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Prenatal Exposure to Nicotine and Childhood Asthma: Role of Nicotine Acetylcholine Receptors, Neuropeptides and Fibronectin Expression in Lung

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Final rept. 1 Dec 2004-30 Nov 2008

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We hypothesized that prenatal exposure to nicotine, a major component of tobacco that transverses the placenta, is largely responsible for the development of asthma in children born of mothers who smoke. Specifically, we hypothesized that nicotine is recognized by specific cellular proteins called nicotinic acetylcholine receptors nAChRs that are expressed by lung cells termed fibroblasts and pulmonary neuroendocrine cells. In fibroblasts, this interaction triggers the exaggerated expression of a connective tissue protein called fibronectin. In PNECs, nicotine stimulates cell growth and the excessive secretion of neuropeptides that affect airway formation and lung growth, and that stimulate smooth muscle cells to contract. In this fashion, nicotine can affect airways development and promote disease during childhood. Studies were performed in primary lung fibroblasts, embryonic murine lungs, and in rodents to test the hypothesis. This work led to the discovery that nicotine stimulates lung branching morphogenesis thereby causing dysanatic lung growth. Of note, these events were found to be mediated by the alpha7 nAChRs as demonstrated using inhibitors and agonists of the receptor as well as genetically-engineered animals. In animals exposed to nicotine during the prenatal period, lung branching was enhanced based on morphometric analysis of tissues, and this was associated with airway hyperreactivity to methacholine in physiological studies. These studies led to two published original articles and 1 review article.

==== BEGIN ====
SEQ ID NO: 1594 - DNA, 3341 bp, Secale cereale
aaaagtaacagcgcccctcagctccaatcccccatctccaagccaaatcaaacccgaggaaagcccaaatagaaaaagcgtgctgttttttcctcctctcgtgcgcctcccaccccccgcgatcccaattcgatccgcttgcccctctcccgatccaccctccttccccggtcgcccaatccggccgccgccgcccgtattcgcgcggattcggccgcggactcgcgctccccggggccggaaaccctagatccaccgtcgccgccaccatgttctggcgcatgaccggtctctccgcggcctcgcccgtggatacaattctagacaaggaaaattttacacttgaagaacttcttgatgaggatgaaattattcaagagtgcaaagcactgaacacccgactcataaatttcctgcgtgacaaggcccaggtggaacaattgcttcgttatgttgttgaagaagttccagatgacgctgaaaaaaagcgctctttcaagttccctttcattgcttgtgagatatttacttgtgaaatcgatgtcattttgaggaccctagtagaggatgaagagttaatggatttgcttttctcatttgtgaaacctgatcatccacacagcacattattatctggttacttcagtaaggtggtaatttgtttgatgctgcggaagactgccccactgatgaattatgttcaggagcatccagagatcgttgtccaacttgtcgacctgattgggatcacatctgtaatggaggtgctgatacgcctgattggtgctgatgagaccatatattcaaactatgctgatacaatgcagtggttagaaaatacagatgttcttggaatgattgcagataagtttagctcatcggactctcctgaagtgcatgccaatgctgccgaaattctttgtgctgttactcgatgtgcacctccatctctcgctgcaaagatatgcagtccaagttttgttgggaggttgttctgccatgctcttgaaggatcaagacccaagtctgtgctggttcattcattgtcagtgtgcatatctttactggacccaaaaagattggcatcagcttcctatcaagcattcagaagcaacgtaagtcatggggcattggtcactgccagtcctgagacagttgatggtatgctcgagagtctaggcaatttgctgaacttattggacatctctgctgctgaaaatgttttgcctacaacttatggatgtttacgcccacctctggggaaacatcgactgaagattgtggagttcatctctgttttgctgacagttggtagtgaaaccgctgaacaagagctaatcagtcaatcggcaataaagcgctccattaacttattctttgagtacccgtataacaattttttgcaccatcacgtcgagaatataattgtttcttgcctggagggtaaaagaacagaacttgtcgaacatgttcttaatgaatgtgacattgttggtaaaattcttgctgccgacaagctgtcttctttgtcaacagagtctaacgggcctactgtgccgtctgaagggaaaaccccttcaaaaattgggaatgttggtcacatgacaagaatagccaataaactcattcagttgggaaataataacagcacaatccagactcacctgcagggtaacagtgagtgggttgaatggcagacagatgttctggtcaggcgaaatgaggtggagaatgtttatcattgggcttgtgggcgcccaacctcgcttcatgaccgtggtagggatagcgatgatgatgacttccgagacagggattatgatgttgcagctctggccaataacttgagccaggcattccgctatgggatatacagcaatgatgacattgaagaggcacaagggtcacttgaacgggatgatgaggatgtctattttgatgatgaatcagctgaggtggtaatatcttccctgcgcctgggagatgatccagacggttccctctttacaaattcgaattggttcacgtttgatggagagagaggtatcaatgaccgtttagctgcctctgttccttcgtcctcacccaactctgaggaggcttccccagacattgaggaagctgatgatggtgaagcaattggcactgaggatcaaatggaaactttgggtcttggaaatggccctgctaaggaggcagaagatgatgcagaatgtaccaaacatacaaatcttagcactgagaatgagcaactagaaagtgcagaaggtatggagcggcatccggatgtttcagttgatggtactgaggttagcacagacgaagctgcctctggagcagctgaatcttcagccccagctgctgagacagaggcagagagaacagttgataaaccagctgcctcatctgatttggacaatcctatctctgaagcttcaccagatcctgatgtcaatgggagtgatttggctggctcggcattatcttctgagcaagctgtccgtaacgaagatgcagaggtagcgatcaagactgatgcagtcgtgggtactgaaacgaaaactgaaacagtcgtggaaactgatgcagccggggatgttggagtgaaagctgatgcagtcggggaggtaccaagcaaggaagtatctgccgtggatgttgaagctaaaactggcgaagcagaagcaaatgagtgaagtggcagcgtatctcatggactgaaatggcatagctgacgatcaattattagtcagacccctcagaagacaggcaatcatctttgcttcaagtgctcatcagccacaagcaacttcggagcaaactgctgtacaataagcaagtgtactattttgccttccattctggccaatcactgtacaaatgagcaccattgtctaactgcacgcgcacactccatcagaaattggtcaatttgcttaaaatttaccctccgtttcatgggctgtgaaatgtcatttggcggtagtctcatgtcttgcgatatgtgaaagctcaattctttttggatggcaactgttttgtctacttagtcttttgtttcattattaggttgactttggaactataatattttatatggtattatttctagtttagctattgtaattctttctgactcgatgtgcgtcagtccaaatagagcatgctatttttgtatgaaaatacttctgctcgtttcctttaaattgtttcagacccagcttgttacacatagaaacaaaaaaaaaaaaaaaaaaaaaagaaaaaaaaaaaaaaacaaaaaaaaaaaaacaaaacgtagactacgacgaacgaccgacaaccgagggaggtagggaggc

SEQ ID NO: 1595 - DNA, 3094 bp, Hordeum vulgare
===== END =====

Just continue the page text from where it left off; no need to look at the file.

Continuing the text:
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  • Medicine and Medical Research

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